Review: Hyundai Hybrid’s Battery Move Frees Up Space

For a segment that attracts just over one in 100 Canadian new-car buyers, hybrid-powered vehicles are surprisingly top-of-mind for automakers.

Few global carmakers have found the powertrain technology that marries a traditional gasoline-powered engine to an electric motor and battery pack hard to resist.

And so it was last week in this SoCal surf town that Hyundai Canada summoned Canada’s motoring press for the unveiling of not one but two all-new hybrid vehicles: the second-generation Sonata Hybrid and the company’s first-ever plug-in hybrid, also a Sonata. The former will be in showrooms in the summer, the latter by September.

It was also announced that a hydrogen-powered, fuel-cell Sonata, an FCEV, will be coming to Canada, but not until fuelling infrastructure is better established. In Vancouver, Hyundai has leased out a handful of 2015 FCEV Tucson CUVs — all using Metro Vancouver’s single hydrogen fuelling station.

But judging from my experience on the coastal drive down to La Jolla and back, expect to see plenty of the 2016 Sonata Hybrids and even a few Sonata Hybrid Plug-ins soon — particularly if fuel prices keep rising. On the 135-kilometre southern leg of the drive, my driving partner and I averaged 5.4 L/100 km in a top-of-the-line Hybrid Ultimate model; on the return trip home in the Hybrid Plug-in, we posted a fuel-sipping 3.3 figure.

The mid-size Sonata sedan debuted way back in 1985, and last year the seventh generation was launched. The first-gen hybrid debuted in 2011, so it’s been five years since the powertrain technology has had a thorough update. In other words, forever in that ever-changing world.

Hyundai has done a good job of improving pretty much all aspects of the Sonata’s parallel hybrid system. This includes a more robust yet lighter lithium-ion battery pack, a more efficient and lighter engine (and a smaller one, too, as a fuel-injected 2.0-litre four-cylinder replaces the 2.4-litre), a 10 per cent improvement in regenerative braking and a lighter transmission.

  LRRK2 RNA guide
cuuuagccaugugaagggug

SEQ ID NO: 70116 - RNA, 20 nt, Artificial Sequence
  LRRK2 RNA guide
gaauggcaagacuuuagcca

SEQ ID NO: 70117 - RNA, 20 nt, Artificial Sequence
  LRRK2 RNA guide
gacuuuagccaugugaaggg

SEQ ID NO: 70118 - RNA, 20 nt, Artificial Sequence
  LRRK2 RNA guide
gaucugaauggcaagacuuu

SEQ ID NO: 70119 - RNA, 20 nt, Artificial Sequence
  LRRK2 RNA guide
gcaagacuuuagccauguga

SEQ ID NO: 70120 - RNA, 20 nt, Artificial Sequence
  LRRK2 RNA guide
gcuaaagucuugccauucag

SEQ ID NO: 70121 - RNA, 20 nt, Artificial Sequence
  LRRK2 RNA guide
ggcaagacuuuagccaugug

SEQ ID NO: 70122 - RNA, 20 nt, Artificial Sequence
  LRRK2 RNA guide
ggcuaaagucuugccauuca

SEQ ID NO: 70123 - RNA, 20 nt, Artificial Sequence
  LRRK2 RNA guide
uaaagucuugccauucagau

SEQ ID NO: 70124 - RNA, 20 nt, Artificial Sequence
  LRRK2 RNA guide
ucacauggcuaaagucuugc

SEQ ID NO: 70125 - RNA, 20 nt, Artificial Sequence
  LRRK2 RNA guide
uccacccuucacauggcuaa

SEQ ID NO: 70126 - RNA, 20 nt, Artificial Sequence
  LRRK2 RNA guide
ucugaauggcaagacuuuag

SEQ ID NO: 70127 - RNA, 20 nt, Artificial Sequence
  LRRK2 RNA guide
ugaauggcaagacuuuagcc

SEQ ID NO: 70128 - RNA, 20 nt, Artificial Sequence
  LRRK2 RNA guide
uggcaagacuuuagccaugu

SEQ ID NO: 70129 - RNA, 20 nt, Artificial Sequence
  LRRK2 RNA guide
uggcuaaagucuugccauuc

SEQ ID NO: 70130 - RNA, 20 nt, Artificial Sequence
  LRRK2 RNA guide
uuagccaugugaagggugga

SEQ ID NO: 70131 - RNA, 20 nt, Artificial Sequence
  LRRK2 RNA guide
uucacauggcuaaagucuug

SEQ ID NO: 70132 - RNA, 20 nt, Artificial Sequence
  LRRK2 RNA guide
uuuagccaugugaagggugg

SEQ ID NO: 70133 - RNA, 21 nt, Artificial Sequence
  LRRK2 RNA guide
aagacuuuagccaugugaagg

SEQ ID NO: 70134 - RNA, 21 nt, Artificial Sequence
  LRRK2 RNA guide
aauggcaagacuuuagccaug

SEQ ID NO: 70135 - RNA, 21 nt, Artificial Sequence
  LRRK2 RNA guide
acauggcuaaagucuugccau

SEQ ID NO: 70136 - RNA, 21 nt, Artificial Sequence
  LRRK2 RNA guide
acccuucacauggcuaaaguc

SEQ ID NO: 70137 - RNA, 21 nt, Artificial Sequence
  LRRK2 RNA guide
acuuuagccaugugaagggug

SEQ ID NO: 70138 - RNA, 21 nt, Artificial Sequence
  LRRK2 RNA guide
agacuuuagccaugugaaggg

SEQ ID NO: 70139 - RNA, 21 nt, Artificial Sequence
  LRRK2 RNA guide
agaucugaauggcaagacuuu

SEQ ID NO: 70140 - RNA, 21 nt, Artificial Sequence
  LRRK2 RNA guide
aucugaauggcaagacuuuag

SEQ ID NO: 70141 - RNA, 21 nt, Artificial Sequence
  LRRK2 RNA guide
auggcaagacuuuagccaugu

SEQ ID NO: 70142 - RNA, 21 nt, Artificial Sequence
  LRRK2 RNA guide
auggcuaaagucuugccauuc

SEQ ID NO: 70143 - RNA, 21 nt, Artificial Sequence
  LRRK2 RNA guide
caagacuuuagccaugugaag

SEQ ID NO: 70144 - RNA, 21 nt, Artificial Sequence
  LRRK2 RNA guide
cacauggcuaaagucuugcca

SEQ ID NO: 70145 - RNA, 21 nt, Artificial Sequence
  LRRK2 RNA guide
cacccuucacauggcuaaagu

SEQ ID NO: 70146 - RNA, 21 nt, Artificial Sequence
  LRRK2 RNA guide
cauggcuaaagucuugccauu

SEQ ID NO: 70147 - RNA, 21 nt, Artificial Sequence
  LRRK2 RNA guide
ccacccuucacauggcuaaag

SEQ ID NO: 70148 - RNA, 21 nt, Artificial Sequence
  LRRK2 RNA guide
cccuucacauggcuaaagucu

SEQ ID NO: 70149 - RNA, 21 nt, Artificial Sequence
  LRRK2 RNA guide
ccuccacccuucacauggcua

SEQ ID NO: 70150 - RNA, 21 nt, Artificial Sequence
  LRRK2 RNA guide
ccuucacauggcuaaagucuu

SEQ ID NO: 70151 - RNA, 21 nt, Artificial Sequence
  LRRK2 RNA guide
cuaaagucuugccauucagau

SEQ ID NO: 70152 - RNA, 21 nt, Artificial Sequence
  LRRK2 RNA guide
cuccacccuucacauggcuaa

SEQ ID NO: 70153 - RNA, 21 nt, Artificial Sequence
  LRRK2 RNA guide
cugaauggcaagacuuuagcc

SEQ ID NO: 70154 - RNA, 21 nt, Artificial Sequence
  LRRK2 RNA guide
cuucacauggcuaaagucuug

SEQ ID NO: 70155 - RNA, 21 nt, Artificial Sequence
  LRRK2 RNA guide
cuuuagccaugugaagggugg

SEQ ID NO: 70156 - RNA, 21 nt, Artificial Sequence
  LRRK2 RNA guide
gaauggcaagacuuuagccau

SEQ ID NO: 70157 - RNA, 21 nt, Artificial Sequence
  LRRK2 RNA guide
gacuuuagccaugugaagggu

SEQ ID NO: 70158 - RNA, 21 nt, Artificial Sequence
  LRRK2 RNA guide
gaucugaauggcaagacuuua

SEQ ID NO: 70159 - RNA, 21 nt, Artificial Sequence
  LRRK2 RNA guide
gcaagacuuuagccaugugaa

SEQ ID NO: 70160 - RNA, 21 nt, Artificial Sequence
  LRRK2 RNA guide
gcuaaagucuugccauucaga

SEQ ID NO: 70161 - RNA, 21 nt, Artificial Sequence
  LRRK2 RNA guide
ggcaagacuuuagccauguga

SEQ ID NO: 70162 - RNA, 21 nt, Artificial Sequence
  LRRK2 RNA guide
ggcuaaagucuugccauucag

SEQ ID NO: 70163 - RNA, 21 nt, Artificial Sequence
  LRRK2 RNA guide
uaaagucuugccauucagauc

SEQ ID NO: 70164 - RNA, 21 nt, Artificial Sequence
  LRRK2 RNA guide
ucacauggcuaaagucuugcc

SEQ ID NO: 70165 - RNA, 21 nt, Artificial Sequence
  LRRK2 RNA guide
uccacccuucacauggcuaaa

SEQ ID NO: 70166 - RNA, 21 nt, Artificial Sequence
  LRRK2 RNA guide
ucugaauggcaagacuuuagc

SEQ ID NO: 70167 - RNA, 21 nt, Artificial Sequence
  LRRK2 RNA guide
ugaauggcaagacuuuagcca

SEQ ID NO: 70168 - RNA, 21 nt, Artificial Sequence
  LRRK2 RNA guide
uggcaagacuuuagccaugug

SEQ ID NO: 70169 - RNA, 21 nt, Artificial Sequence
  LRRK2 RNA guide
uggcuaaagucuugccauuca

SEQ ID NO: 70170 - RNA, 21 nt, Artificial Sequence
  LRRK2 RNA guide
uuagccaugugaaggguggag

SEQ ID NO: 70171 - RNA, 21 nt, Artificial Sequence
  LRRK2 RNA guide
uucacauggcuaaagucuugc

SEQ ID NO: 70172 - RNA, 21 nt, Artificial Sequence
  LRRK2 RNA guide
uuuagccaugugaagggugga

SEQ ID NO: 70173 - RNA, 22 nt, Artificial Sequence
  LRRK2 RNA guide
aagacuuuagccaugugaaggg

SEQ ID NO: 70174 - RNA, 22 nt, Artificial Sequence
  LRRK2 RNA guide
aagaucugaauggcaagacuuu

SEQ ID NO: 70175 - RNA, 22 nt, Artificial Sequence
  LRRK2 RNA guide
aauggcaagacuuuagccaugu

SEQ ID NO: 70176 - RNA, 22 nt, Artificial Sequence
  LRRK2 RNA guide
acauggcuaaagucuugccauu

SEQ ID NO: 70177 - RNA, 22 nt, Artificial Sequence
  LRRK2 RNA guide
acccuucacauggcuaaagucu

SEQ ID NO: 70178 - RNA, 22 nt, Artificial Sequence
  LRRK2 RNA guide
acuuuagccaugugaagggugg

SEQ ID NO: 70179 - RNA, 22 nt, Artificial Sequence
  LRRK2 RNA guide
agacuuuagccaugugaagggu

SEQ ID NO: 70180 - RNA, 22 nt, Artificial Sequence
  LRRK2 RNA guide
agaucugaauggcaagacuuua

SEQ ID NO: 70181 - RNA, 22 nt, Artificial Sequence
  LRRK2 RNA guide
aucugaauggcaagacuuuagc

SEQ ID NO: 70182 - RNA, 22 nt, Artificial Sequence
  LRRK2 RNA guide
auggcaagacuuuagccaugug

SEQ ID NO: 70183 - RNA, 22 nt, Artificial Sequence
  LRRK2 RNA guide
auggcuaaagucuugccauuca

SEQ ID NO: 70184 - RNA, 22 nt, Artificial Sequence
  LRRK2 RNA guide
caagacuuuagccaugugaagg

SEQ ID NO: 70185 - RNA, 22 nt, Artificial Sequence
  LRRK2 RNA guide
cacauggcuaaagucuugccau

On that latter point, the Sonata Hybrid is the only one in its segment to have an automatic transmission. The mid-size hybrid sedan competition — Ford Fusion, Honda Accord, Toyota Camry — all employs continuously variable transmissions. Power is down over the 2015 hybrid model to 193 horsepower, but from what I could tell, it’s at no detriment to the driving experience, which included always frenetic SoCal highway driving. Ironically, perhaps the biggest improvement to the hybrid system doesn’t even involve performance or fuel efficiency — it involves trunk space.

The new Sonata’s battery pack has been moved under the cargo floor from behind the back of the rear seats, which translates to increased truck space to the tune of a class-leading 380 litres, some 36 litres larger than the outgoing model. In addition, the underfloor positioning of the batteries allows for a complete fold-flat configuration of the 60/40 split rear seat. None of the competition can offer that. True there is no spare tire — rather there is an inflator kit — but only the Camry Hybrid offers a spare in this segment.

Passenger space is also best-in-class, as is front-seat headroom and legroom.

And as much as you might expect that since the all-new seventh-gen Sonata came out last year, this 2016 model would simply be the same save for the hybrid powertrain, you’d be wrong.

There’s 50 per cent more advanced high-strength steel in the 2016 hybrid model, which improves torsional rigidity by 41 per cent over the 2015 gas-powered model.

In addition, there are a number of front and rear styling changes. Up front, there’s a different bumper, fascia, grille and headlamp shape; in the rear there is a new aero bumper, diffuser and taillight treatment.

The sedan is slippery, too, boasting the best-in-class coefficient of drag (0.24), translating to lower fuel consumption and reduced wind noise.

There are three hybrid models available: Base; Limited and Ultimate.

The Sonata Hybrid Plug-in is available in just one trim level — the fully loaded Ultimate package.

The only discernible visual differences between the plug-in and the regular hybrid are badging and the plug port on the fender. Apart from that, the vehicles are virtually identical.

Driving them is a bit of a different story, as when fully charged the plug-in runs silent on electric power up to about 39 kilometres and has a slightly higher net power rating (202 hp). And that fuel economy is a difference too.

No pricing has been announced yet, but expect the price difference between the Hybrid Ultimate and the Hybrid Plug-in Ultimate to be in the $6,000-$7,000 range.

 

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